The stronger reduction of soil net N mineralization induced by herbaceous plant roots may be explained by their lower C/N ratio (41), when compared with tree roots (about 60). Herbaceous roots may have decomposed quickly and immobilized N at a higher rate at a short-term. This is in a good agreement with results reported by Sá et al. (2004) for decomposition of similar herbaceous plants in the field, which lost about 25% of their initial mass during the first 40 days of incubation. This pattern suggests that roots of herbaceous species in the open area may strongly contribute to reduce N leaching following the rain events in autumn, when environmental soil conditions are favorable for N mineralization. Such effect will be more pronounced, and over a longer period, beneath the tree canopy, where the combined effect of herbaceous and tree roots occurs. This factor, associated with precipitation reduction observed beneath the tree canopy (David, 2000), may contribute to reduce N losses due to leaching, resulting in an improvement of soil N status in the ecosystem.

In contrast to root addition, soil net N mineralization was not significantly influenced by the addition of throughfall and stemflow solutions, where soluble C and nutrient concentrations were within the ranges previously reported for such solutions in cork oak woodlands in Portugal (Nunes, 2004). The lack of net N mineralization response to addition of these solutions, may be associated with the fact that their organic C and nutrient contents were insufficient to stimulate mineralization dynamics. Nevertheless, this fact should be also related to the relatively high soil biological activity, which could hinder the effect of increased soluble organic C and nutrient contents in the aforementioned solutions. Thus, further studies are needed to get sound information on the subject.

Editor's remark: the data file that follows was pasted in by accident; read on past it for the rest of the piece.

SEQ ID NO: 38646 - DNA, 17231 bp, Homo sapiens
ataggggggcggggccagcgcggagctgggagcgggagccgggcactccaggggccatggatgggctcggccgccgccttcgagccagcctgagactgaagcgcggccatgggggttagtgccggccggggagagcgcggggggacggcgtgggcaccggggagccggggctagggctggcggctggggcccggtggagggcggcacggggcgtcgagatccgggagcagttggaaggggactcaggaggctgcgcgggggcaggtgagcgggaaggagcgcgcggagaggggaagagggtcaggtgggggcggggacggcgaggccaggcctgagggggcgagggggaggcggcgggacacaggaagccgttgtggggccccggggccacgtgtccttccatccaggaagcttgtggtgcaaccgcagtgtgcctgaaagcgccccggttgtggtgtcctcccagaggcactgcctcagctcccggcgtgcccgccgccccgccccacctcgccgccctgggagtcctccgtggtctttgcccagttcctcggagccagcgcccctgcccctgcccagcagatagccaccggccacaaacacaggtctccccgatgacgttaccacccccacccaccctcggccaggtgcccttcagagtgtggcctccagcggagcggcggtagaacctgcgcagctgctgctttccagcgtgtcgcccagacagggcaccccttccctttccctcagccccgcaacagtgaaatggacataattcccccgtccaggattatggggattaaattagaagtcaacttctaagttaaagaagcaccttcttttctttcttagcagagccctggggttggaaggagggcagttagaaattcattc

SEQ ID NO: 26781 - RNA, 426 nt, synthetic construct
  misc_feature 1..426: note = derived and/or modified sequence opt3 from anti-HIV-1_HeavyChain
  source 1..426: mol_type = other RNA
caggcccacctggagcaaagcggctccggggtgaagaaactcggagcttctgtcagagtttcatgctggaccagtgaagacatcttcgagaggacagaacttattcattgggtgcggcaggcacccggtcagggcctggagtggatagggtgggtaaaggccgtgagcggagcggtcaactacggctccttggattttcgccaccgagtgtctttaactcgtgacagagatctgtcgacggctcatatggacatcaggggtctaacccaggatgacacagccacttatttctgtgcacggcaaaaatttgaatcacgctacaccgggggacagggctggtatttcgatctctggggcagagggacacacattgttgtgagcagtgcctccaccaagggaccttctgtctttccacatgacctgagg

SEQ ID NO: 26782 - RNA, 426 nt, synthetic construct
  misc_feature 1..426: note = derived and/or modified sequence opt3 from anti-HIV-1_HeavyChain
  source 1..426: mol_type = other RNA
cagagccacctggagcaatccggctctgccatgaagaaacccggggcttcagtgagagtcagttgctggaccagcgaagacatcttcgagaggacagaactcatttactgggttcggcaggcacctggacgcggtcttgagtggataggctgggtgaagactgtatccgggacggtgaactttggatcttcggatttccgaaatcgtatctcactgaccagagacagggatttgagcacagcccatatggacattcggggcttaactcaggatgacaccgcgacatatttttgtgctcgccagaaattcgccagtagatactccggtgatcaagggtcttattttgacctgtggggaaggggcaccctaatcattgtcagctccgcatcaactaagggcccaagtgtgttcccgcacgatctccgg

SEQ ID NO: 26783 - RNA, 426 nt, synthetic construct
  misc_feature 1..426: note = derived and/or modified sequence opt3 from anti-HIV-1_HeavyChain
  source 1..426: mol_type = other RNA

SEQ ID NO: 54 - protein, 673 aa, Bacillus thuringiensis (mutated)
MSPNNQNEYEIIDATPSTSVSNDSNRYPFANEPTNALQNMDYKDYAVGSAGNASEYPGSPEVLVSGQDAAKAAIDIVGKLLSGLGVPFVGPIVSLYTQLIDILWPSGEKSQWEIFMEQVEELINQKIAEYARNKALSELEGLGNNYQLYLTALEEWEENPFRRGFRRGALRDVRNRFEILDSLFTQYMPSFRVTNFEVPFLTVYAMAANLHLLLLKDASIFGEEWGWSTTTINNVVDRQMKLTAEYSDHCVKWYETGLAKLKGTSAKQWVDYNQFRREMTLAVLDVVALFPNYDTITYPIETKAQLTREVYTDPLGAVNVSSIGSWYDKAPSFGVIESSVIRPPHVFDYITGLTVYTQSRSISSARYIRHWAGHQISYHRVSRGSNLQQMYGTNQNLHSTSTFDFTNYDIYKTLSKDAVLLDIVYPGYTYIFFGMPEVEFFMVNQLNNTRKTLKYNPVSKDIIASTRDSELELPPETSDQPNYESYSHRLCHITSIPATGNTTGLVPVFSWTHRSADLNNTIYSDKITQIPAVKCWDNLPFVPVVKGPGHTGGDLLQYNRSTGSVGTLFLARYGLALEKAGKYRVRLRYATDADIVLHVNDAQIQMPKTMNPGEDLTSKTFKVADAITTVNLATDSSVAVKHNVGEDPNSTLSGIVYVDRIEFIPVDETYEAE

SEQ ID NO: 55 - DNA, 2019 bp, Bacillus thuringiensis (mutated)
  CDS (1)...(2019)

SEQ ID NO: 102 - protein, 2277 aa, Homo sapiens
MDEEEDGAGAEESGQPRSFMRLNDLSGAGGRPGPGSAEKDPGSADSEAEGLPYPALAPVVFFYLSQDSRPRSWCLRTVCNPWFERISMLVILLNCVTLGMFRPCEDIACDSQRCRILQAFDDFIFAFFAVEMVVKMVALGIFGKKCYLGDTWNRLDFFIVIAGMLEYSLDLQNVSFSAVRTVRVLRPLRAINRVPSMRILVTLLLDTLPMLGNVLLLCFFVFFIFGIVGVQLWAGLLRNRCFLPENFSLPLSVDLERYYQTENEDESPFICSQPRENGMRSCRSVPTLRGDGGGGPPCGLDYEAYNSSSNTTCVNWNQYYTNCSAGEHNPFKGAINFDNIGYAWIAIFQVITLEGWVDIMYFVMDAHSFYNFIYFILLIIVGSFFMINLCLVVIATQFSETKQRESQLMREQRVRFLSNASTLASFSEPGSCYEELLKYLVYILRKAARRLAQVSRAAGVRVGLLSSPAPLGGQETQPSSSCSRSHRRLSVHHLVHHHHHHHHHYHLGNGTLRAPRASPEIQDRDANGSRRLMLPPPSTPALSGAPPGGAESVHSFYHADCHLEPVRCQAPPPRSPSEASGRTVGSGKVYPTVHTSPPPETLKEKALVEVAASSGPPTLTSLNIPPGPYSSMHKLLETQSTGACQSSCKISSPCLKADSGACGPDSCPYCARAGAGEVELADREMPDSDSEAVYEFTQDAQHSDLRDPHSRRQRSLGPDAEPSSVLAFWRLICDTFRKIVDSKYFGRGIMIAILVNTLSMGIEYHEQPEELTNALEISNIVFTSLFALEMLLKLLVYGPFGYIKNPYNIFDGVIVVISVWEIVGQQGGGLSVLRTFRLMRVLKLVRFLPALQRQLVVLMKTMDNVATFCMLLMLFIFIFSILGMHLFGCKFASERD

Our results show that trees in oak woodlands have a positive impact on soil C accumulation and fertility, resulting in a useful process to enhance soil C sequestration and to face desertification in Mediterranean areas. Such effect is clearly intensified by improved pastures installation. Oak trees also enhance net N mineralization and turnover, but simultaneously may decrease N leaching potential by root uptake and root decomposition dynamics. Although the decomposition of herbaceous plants may also have a stronger influence on the decrease of N leaching, further studies are necessary to confirm this trend. Thus, to reverse the degradation which has affected soils in southern Portugal the maintenance of tree cover should be a strategy, which should be associated with adequate land use, such as installation of improved pastures. The improvement of soil quality reached by this system may also positively affect pastures productivity and quality, and therefore increase stocking rate and soil C accumulation.



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The study was developed within the activities of the project POCTI/AGG/48914/2002 (Impacto da árvore e da pastagem melhorada na qualidade do solo e sustentabilidade dos montados: Quantidades e dinâmicas do C e do N). We thank to farm owner, David Crespo and family, for facilitation of field sampling. Isabel Pina (Departamento de Química Agrícola e Ambiental) and Laboratory staff of the Departamento de Ciências do Ambiente (Instituto Superior de Agronomia) are acknowledgedfor their technical assistance for analytical work.


Recepção/Reception: 2011.03.21

Aceitação/Acception: 2011.03.29